Using snap for prototyping/wireframing


I'd like to use snap for creating prototypes of User interfaces. I'd need to have a kind of "textbox" widget. I think I could mimick the radiobutton using several sprites...

Any idea about how to implement this ?

Yes. This has been on my list since forever.

A text box should be a kind of costume that can be worn by a sprite. If I were implementing it just for myself, it'd use a monospace font such as Courier, but I'm sure other people will want to be able to specify a font. (I don't think it's necessary to support font changes within the box, but it should support italics etc.) It will have a flag saying whether or not the user can type into it. It will have a selection (two character positions within the text). There will be functions to convert between character position and row-and-column position. The program can read the text, with or without style settings. (Character codes 1-6 can be used for italics on, italics off, bold on, bold off, underscore on, underscore off.)

It would be useful, but tricky, for a sprite to have both text and picture in its costume. But we can solve that problem with nested sprites. So text boxes will just be text.

On clones of one sprite:

when 7 clicked
switch to costume [off v]
set [last clicked v] to []

when this sprite [clicked v]
tell (last clicked) to ({switch to costume [off v]}>)>
switch to costume [on v]
set [last clicked v] to (my [self v])

thanks for all the hints.

I have just shared my 'wireframe' project, that shows how to create a simple but working text box, I don't know if you can have a look, since I have no idea where the 'share' button does.

this is the code in case you can't see what I shared

After you share a project, the URL up in the browser's URL box can be sent to your friends and they can use it to open the project. In fact, if you look at the top of the picture you posted, you can see (most of) that sharable URL.

Oh, I see, you're using a variable watcher to hold the actual text! That's clever. If you right-click on the watcher and choose "large" from the menu, you'll get just the value without the grey-background label.

this ?

I guess that 'unsharing' it makes it impossible to be changed by a third party.

Nobody can change your copy of your project. Sharing lets people read your project, and then of course they can make their own copy and change that.

I've just made the checkbutton code, trying to place as much code as possible on the "controller" rather than in the individual checks (or radio)buttons.

Now, how can I wrap (and parametrize) those three components ( two checkbuttons and a controller, which mean three different sprites and its code) into a single "sprite" ( object) so I can place them everywhere ?

Look of the checkbutton:


Code of one of the buttons:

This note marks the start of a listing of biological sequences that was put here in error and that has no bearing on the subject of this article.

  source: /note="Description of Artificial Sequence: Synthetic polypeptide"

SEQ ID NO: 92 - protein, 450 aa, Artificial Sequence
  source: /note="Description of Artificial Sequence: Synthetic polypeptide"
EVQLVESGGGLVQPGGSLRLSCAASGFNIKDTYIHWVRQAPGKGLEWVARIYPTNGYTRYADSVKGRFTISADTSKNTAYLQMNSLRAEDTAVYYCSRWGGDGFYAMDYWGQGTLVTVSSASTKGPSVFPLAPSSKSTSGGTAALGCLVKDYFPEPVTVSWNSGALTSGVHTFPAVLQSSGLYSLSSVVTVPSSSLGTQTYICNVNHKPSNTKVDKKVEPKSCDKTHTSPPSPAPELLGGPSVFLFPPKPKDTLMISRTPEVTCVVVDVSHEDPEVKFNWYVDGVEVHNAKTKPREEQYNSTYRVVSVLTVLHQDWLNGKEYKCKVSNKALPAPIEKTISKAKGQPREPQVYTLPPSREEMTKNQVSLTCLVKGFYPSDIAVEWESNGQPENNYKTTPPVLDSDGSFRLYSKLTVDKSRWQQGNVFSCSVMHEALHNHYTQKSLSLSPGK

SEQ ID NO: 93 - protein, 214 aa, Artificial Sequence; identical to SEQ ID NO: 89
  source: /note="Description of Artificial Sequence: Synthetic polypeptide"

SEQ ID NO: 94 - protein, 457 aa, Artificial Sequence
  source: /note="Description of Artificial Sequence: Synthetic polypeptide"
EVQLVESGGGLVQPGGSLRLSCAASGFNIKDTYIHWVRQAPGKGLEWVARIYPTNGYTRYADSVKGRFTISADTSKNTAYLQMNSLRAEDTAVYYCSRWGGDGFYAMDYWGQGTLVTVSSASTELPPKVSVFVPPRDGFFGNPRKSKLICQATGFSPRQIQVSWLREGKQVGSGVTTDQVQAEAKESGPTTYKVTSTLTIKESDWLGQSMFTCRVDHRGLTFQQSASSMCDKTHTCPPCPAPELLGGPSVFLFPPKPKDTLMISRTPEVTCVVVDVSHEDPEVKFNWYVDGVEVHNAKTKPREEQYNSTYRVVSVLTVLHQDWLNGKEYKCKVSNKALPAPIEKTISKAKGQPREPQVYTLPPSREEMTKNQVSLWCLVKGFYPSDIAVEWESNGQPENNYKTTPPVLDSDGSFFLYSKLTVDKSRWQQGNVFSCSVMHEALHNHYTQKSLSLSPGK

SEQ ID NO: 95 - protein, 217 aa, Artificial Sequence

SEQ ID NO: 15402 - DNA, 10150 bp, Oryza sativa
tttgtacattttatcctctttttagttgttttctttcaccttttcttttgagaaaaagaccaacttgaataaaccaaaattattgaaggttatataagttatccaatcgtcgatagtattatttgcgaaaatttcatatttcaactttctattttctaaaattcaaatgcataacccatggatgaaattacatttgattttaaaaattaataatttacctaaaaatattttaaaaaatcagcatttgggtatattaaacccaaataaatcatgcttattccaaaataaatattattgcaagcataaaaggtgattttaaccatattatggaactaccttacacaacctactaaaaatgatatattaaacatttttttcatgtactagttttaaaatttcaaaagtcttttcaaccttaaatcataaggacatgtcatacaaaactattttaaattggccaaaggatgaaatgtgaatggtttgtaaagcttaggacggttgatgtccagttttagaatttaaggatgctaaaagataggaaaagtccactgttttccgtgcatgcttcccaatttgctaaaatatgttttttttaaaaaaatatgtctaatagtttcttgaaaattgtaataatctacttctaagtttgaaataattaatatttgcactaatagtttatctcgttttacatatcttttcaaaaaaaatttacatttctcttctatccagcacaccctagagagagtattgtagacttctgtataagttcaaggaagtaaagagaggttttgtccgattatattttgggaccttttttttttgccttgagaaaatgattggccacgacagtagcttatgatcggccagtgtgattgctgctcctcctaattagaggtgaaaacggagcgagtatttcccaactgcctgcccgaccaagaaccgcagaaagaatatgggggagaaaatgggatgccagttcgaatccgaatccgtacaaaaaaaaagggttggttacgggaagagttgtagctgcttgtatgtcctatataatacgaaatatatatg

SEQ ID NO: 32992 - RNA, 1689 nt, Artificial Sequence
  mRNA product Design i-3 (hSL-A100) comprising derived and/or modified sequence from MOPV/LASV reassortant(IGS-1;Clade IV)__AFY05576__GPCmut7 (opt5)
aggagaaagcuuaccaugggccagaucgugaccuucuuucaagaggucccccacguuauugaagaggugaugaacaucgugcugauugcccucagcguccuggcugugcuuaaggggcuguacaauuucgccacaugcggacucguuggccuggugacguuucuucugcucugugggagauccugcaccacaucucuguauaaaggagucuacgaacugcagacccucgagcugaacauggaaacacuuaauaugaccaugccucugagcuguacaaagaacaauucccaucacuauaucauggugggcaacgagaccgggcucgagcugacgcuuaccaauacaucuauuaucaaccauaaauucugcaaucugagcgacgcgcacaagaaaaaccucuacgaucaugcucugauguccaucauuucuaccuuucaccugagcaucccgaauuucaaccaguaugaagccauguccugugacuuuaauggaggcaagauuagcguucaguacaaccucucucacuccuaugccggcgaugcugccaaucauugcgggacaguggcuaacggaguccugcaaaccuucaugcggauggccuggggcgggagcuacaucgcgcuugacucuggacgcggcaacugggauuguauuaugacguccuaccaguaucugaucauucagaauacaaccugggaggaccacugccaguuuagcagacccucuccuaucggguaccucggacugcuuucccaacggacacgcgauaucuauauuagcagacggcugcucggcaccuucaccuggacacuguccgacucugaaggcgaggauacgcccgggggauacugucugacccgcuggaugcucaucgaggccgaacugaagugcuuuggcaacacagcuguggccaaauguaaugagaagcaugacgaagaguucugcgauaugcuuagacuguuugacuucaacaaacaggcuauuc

Code of the "controller":


You can use the nested-sprite feature, if the point is for them to move as a unit. Grab the sprite corral icon of a checkbox and drag it onto the controller on the stage. Let go when it's in the position you want, relative to the controller sprite.

If the problem is creating them all at once, have a "when I start as a clone" script on the controller that clones the checkbox sprite twice.

But I think your biggest issue is that you can't use BROADCAST that way, if you have more than one of these controller/button combinations. With BROADCAST, clicking a button will unclick all the other buttons, not just the one in the same controller.

So what you need to do is have two "for this sprite only" variables in the controller to hold the two buttons associated with that controller, and a "for this sprite only" variable in each button that points to its controller, and then instead of broadcasting to the world, use TELL to tell the specific sprite you're signaling what to do.

Wow, that's nifty and very cool indeed. Not so easy/evident to see if you are accostumed to textual specifications , instead of handling things...

I've been thinking about this. And you are right. Under an object orientation perspective, this is just saying
my_controller.unclick_button_2() , and you have the objects "radiobutton" and controller, and an attribute (of the radiobutton) that associates both. It's clean,... it's 'imperative'.
BROADCAST is wayyyy too loose and poses the problem of "personalization", of having several different radiobuttons.

I've been thinking in "twisting" the "message" mechanism, by concatenating the 'id' of the object and the message. BROADCASTing allows to have a kind of subscriber-dispatcher model, but , in the long run, it's equivalent to a "straight imperative OOP" call.


I think, the best 'theoretical' ( perhaps not feasible) way would be to "recreate" the entire wireframe from a list, using a 'pic' (, even 'some' adjusting could be computed by "actually letting the block crash and adjust themselves".

An example of data structure (list) describing an wireframe:
'( (textbox textboxname1 labelofit nameofvariable ) ( radiobutton flavour ( vanilla chocolate strawberry ) placed (to-the-right-of textboxname1))

Then that list would be interpreted and the sprites would be created on the fly ( using "reflection" or "dynamic" snap code).

Yeah, that's what you have to do in Scratch, where it's broadcast or nothing. :slight_smile:

I'd love to create new variables programmatically, so that I could create pairs ( textbox, variable_holding value_of_the_textbox). Ideally, I'd read a list such as ( ( textbox nametextbox1 posx1 posy1 variabletexbox1 )
( textbox nametextbox2 posx2 posy2 variabletexbox2 ) ... )

Today's your lucky day. Look in the Libraries list for "create variables in program."

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Many thanks... That is a big small step forward.